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Sweet Sleep is the first and most complete book on nights and naps for breastfeeding families. It’s mother-wisdom, reassurance, and a how-to guide for making sane and safe decisions on how and where your family sleeps, backed by the latest research. It’s 4 A.M. You’ve nursed your baby five times throughout the night. You’re beyond exhausted. But where can you breastfeed safely when you might fall asleep? You’ve heard that your bed is dangerous for babies. Or is it? Is there a way to reduce the risk? Does life really have to be this hard? No, it doesn’t. Sweet Sleep is within reach. This invaluable resource will help you
• sleep better tonight in under ten minutes with the Quick Start guide—and sleep safer every night with the Safe Sleep Seven checklist • sort out the facts and fictions of bedsharing and SIDS • learn about normal sleep at every age and stage, from newborn to new parent • direct your baby toward longer sleep when he’s ready • tailor your approach to your baby’s temperament • uncover the hidden costs of sleep training and “cry it out” techniques • navigate naps at home and daycare • handle concerns from family, friends, and physicians • enjoy stories and tips from mothers like you • make the soundest sleep decisions for your family and your life
Advance praise for Sweet Sleep “Chock-full of advice and information . . . The editors smartly break the information into digestible bits organized by topics and age ranges. And for any parent desperate for an uninterrupted few hours of sleep, the advice is worth the read. Sweet Sleep includes extensive information on creating a safe sleep space, helping children learn to sleep on their own and defusing criticism of your family’s choices. . . . This book is nothing but supportive of whatever your choices are about nursing and sleeping.”—BookPage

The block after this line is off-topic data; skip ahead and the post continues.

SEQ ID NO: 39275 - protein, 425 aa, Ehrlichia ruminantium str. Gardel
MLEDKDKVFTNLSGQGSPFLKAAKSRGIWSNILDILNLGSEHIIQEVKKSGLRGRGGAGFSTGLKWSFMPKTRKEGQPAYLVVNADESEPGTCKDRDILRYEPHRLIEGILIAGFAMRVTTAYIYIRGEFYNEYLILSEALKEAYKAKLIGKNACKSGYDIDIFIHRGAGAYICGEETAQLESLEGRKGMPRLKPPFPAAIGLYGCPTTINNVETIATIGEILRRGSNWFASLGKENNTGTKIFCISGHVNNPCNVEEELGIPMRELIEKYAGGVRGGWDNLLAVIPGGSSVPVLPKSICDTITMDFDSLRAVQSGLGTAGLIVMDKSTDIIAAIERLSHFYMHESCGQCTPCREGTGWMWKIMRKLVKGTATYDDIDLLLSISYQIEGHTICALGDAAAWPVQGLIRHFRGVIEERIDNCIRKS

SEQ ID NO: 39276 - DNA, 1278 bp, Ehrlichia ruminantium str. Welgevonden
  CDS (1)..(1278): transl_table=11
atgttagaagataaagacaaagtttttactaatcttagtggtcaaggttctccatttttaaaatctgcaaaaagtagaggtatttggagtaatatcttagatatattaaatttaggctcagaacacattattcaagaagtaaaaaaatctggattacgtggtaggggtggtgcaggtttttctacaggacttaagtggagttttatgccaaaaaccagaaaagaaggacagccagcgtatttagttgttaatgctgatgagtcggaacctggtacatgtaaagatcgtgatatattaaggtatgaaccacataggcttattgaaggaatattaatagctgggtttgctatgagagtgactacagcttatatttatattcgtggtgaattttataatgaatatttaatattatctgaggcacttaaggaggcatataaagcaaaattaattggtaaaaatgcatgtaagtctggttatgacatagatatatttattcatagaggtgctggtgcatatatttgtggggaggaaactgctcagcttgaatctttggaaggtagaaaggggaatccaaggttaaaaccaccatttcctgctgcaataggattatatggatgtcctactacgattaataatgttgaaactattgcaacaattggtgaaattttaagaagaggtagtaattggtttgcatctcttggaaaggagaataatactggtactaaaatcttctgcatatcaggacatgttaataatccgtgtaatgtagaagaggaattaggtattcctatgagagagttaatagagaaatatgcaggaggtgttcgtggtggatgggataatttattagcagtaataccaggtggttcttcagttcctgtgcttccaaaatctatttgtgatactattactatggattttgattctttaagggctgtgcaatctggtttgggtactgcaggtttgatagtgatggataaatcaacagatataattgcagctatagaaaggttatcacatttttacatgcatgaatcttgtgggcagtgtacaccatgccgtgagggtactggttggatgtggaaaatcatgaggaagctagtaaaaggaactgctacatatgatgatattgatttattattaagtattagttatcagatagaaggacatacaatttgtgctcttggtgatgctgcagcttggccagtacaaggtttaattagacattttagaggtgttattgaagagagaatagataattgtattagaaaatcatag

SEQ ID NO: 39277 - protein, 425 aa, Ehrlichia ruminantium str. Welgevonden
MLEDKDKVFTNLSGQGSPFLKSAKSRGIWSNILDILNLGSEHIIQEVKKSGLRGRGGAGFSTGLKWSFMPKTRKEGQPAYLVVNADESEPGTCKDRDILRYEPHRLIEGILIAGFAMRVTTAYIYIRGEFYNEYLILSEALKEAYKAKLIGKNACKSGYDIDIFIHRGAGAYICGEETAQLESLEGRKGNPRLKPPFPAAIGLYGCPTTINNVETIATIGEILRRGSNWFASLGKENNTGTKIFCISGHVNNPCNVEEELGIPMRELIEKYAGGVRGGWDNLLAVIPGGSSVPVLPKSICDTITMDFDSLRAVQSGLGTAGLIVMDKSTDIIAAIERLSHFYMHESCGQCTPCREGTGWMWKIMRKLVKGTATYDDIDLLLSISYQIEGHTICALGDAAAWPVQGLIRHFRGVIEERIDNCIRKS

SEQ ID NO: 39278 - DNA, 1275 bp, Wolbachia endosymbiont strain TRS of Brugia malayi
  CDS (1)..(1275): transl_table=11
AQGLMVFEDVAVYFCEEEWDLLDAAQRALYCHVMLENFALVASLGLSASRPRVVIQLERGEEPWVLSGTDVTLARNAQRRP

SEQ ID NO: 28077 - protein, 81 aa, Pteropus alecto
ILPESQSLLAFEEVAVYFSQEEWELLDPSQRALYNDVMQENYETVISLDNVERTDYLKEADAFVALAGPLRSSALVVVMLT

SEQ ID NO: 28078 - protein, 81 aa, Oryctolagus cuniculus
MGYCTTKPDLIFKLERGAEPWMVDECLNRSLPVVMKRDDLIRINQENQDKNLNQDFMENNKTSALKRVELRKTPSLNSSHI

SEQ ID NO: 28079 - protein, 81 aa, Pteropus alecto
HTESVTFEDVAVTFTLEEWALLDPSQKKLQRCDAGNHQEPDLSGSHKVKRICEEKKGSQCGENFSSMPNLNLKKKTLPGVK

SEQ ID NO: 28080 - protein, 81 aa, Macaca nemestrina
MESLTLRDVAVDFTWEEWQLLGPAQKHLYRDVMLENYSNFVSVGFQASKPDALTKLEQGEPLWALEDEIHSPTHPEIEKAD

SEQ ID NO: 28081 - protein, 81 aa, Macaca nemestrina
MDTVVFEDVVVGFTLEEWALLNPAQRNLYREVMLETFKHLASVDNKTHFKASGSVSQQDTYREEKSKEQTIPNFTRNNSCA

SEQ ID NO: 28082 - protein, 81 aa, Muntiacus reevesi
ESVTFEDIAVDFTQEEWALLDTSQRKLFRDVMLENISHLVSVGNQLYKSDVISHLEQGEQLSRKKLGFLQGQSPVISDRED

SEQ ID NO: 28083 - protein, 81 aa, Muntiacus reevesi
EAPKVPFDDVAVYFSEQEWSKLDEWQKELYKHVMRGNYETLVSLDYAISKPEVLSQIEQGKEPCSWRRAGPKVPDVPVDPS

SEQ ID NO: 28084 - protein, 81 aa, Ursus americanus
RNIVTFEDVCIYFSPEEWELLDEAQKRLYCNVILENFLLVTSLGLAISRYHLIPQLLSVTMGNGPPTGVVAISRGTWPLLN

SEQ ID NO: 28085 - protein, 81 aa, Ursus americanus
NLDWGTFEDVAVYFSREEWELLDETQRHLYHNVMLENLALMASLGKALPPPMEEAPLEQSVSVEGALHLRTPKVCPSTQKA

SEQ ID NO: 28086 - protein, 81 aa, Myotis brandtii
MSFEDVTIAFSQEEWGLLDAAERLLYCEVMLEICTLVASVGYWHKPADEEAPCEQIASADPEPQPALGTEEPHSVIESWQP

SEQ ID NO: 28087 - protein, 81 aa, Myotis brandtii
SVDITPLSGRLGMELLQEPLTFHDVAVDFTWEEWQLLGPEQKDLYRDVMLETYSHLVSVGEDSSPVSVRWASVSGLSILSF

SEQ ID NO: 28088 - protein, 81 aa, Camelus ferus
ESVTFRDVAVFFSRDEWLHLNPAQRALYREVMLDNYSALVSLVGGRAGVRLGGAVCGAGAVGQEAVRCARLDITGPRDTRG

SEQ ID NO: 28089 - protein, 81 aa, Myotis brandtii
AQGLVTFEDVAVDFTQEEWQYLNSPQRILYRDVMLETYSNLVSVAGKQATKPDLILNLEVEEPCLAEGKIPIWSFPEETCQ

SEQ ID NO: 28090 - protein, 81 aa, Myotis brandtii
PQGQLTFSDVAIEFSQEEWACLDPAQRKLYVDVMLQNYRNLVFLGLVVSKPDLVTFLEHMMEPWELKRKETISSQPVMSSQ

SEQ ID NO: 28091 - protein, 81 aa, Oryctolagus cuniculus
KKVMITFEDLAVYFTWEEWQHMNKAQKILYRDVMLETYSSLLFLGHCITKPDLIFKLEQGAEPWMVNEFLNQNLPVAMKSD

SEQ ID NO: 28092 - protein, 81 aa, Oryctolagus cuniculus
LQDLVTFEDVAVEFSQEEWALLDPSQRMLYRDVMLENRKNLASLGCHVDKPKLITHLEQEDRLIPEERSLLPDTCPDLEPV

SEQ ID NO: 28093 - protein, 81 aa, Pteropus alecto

“An essential guide for parents . . . detailed, practical advice on bed sharing and breast-feeding, with basic guidelines for safe bed sharing outlined in seven steps.”—Publishers Weekly
Under the Cover
An excerpt from Sweet Sleep
New-baby greeting cards joke about the 2:00 a.m. feeding, but at 2:00 a.m., it’s no joke. Too many of today’s new mothers feel like zombies during the day, desperate for sleep that their night didn’t provide. Their babies wail, their partners complain or take turns walking the floor. Every feeding means time out of bed. Sleep training takes nerves of steel, but it’s starting to look appealing. And everyone asks, “Is he sleeping through the night yet?”
Breastfeeding mothers can have even more concerns: “How and where do I nurse at night, and what if I fall asleep? How and where do I nurse lying down, and what if I fall asleep? Should I nurse my baby to sleep, and what if I fall asleep? Would it be easier just to pump and have my partner bottle-feed at night? Would formula or solids make him sleep better? How do I switch sides lying down? Are we safer on the sofa? If I let this baby into my bed, will she ever leave?”
And maybe the most pressing question of all: “If breastfeeding works best when I keep my baby close and nurse frequently, but everyone tells me it’s not safe to be next to my baby for one-third of every day, then how on earth can I keep breastfeeding and keep my sanity?”